Cantonese cuisine (
, pinyin: yue4 cai4) originates from the region around Canton insouthern China's Guangdong province.There is a Cantonese saying: "We eat everything on the ground with four legs excepttables and chairs. We eat everything in the sky except airplanes."1 Cantonese cuisineincludes almost all edible food in addition to the staples of pork, beef and chicken --snakes, snails, insects, worms, chicken feet, duck tongues, ox genitals, and entrails. Asubject of controversy amongst Westerners, dogs are raised as food in some places inChina, though this is not a common food you find in restaurants, and is illegal in HongKong.Despite the countless Cantonese cooking methods, steaming, stir frying and deep fryingare the most popular cooking methods in restaurants due to the short cooking time, and philosophy of bringing out the flavor of the freshest ingredients.Elements of CookingSpicesCantonese cuisine can be characterized by the use of very mild and simple spices incombination.Ginger, spring onion, sugar, salt, soy sauce, rice wine, corn starch and oil are sufficientfor most Cantonese cooking.Garlic is used heavily in dishes especially with internal organs that have unpleasantodors, such as entrails.Five spices powder, white pepper powder and many other spices are used in Cantonesedishes, but usually very lightly.Cantonese cuisine is sometimes considered bland by Westerners used to thicker, richer and darker sauces of other Chinese cuisines.FreshnessSpicy hot dishes are extremely rare in Cantonese cuisine.Spicy hot food is more common in very hot climates, such as those of Szechuan,Thailand, etc. where food spoils easily.Canton has the richest food resources in China in terms of agriculture and aquaculture.The copious amount of fresh food and mild weather led to Cantonese cuisine bringingout, rather than drowning out, the natural flavors.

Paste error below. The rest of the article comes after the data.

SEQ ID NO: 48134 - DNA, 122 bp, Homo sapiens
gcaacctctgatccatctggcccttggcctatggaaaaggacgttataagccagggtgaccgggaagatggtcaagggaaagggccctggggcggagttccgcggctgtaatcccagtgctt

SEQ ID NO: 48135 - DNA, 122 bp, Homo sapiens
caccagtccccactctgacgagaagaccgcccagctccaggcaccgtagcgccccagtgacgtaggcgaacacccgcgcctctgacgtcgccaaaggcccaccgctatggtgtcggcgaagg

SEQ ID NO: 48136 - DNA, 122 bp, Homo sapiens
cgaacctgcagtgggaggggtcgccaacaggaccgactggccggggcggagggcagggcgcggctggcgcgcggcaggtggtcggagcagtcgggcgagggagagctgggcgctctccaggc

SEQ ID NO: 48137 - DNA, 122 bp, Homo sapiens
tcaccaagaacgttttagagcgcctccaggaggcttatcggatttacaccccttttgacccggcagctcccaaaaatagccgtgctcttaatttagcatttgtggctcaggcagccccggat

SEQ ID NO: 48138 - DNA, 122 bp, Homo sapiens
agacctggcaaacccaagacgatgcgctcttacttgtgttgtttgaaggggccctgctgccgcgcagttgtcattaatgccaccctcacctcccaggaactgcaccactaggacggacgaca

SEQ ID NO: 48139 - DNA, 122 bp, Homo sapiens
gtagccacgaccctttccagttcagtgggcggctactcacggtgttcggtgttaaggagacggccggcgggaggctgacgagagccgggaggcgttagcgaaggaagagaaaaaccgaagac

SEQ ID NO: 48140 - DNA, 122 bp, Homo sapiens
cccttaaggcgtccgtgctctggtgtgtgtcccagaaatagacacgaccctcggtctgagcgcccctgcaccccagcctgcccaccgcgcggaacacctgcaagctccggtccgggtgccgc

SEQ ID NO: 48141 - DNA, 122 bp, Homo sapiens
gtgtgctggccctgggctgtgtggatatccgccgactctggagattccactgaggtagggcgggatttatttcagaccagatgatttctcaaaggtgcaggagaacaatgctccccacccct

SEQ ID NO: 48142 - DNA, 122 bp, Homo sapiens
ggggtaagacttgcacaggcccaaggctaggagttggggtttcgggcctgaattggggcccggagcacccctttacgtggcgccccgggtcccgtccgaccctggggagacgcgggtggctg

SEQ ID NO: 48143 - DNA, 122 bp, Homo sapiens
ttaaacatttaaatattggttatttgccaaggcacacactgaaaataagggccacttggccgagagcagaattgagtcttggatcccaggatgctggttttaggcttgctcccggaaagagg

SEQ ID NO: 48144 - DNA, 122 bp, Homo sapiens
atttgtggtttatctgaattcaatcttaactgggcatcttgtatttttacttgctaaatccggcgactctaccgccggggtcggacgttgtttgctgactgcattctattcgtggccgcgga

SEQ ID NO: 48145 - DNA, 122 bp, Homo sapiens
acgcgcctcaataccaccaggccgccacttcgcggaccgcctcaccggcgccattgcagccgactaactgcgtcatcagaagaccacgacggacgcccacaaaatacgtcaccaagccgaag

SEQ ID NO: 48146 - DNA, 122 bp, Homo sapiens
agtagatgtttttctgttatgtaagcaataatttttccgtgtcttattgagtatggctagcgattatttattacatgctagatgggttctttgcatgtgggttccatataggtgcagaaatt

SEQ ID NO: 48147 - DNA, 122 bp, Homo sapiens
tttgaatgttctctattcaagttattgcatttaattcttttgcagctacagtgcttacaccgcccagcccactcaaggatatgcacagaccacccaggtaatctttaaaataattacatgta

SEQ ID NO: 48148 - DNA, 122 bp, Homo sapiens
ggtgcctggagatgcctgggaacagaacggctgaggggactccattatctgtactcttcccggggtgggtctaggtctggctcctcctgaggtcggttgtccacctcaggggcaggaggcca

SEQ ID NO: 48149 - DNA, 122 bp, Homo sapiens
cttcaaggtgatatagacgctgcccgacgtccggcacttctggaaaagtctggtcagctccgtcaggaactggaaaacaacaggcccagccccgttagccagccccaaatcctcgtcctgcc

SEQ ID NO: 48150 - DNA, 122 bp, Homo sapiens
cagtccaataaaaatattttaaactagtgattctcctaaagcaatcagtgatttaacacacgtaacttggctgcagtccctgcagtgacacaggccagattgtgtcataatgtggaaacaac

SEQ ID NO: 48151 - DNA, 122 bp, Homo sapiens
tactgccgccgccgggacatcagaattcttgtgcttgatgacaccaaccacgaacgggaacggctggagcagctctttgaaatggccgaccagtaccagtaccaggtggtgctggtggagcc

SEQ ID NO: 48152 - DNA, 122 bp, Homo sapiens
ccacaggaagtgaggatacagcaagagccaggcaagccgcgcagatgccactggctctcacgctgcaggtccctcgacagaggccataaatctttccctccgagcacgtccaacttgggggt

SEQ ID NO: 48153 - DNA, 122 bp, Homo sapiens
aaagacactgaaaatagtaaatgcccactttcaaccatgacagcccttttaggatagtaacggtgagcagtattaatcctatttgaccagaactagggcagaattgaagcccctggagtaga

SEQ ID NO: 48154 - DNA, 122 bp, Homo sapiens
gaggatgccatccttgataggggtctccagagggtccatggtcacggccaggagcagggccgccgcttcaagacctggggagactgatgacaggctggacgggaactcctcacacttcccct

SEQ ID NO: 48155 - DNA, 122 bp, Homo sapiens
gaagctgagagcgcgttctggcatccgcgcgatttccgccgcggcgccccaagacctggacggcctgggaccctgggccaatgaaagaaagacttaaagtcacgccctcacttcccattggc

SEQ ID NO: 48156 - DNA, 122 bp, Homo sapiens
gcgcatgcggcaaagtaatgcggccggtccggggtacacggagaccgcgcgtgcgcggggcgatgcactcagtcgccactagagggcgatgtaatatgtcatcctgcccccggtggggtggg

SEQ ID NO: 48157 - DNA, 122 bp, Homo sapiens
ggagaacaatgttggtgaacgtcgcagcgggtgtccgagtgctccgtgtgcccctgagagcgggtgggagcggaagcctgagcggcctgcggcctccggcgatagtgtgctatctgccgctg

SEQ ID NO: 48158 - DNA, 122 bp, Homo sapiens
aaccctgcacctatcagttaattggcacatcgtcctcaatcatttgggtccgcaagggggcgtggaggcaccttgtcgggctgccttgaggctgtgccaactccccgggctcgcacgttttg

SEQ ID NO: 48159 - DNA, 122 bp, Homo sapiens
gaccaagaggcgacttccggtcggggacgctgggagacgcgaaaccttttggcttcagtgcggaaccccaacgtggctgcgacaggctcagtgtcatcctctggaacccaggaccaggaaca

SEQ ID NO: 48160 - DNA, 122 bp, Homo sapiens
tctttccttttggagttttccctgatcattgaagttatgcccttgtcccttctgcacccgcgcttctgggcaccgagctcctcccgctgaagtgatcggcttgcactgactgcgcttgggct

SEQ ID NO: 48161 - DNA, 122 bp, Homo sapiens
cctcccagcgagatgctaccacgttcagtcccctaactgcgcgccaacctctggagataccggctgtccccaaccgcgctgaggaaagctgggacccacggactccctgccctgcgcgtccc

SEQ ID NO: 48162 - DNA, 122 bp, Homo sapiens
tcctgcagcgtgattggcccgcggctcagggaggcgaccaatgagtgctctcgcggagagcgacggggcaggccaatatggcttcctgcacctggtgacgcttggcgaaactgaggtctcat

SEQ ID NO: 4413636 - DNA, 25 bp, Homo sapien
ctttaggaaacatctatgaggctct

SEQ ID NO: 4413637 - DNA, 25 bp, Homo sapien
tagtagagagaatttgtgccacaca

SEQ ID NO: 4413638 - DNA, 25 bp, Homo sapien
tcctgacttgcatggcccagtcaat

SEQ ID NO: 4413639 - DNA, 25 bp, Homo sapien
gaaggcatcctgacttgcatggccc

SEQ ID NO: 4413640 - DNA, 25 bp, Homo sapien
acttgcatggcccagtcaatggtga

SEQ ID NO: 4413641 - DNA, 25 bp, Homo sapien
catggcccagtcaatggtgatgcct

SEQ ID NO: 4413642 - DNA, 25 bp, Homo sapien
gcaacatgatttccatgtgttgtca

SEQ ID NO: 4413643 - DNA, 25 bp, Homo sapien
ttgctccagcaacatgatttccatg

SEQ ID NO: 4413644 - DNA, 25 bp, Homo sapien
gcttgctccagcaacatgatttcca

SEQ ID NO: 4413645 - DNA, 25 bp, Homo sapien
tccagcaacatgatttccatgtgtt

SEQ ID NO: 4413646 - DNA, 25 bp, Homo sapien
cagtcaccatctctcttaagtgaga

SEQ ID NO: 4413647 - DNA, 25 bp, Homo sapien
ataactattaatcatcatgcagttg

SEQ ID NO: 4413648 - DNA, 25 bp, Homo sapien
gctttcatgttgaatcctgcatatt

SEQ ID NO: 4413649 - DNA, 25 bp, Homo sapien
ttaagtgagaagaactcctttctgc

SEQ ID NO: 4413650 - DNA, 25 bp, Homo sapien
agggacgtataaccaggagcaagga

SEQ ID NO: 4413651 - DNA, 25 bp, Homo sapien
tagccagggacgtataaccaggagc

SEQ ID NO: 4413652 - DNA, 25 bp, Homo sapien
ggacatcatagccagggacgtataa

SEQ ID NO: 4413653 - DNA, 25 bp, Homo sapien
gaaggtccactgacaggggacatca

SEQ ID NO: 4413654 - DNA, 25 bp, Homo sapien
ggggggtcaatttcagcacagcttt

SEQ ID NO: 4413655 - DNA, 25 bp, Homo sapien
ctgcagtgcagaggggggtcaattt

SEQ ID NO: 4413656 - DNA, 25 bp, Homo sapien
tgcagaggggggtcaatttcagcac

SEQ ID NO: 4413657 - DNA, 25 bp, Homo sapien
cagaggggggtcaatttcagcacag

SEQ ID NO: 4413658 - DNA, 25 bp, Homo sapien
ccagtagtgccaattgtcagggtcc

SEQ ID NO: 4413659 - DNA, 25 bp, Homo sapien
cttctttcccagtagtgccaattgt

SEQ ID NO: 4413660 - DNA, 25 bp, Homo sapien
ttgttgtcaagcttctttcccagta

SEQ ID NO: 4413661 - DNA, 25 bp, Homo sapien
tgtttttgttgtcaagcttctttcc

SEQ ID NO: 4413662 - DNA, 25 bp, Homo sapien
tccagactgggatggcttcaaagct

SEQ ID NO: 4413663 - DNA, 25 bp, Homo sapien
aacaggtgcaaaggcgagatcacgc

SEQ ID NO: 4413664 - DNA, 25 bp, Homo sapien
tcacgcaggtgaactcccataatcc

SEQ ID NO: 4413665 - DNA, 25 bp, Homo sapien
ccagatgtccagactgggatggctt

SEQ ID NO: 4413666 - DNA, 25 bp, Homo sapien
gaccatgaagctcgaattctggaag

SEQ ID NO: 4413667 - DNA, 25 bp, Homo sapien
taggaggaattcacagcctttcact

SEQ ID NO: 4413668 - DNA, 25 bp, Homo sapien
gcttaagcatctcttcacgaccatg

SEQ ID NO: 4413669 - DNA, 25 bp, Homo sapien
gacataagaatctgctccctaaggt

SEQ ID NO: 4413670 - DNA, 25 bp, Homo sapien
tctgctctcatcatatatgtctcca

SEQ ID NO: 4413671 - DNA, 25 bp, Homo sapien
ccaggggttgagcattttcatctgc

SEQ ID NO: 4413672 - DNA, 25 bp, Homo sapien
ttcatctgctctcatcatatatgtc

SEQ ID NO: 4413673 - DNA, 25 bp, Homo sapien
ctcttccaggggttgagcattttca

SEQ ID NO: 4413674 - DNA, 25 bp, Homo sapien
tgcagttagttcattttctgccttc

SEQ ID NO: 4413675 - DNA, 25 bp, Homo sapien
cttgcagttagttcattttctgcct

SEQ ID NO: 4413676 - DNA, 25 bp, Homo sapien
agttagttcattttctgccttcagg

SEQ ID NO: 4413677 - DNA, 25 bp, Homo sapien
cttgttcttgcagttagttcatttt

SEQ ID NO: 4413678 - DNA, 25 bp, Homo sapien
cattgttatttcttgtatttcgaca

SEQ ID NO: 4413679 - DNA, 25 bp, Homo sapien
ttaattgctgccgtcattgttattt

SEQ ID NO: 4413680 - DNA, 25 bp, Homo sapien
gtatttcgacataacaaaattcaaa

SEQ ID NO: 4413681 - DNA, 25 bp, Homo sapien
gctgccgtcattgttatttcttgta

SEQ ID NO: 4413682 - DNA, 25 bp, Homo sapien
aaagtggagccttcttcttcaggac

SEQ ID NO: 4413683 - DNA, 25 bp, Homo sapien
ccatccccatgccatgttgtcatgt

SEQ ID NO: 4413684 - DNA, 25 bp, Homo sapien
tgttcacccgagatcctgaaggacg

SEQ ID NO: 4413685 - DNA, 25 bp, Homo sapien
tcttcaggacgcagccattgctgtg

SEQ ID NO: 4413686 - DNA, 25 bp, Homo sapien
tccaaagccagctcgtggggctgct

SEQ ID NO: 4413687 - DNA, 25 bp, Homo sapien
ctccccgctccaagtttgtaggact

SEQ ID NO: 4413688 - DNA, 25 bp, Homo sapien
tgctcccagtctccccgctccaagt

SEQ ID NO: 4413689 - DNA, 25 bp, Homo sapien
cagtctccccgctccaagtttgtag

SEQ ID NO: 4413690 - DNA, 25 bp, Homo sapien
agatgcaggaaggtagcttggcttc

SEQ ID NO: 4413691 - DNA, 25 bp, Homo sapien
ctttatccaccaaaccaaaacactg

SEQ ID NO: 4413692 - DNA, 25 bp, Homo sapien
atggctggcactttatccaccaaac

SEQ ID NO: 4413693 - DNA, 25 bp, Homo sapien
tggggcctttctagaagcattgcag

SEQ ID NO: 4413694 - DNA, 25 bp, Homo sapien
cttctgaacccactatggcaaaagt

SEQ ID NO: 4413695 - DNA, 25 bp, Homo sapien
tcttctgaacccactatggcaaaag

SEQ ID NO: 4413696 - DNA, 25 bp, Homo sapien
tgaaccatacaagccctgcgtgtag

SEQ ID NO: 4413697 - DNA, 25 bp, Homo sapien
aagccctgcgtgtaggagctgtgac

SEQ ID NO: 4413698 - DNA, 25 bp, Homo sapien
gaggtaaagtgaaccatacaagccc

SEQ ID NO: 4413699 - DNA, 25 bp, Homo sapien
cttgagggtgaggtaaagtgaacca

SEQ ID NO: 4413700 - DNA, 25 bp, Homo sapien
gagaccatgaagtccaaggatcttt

641.5 K.Rajshekhar. November- 04. No.9(02) BSc H& HA. Page 1 of 9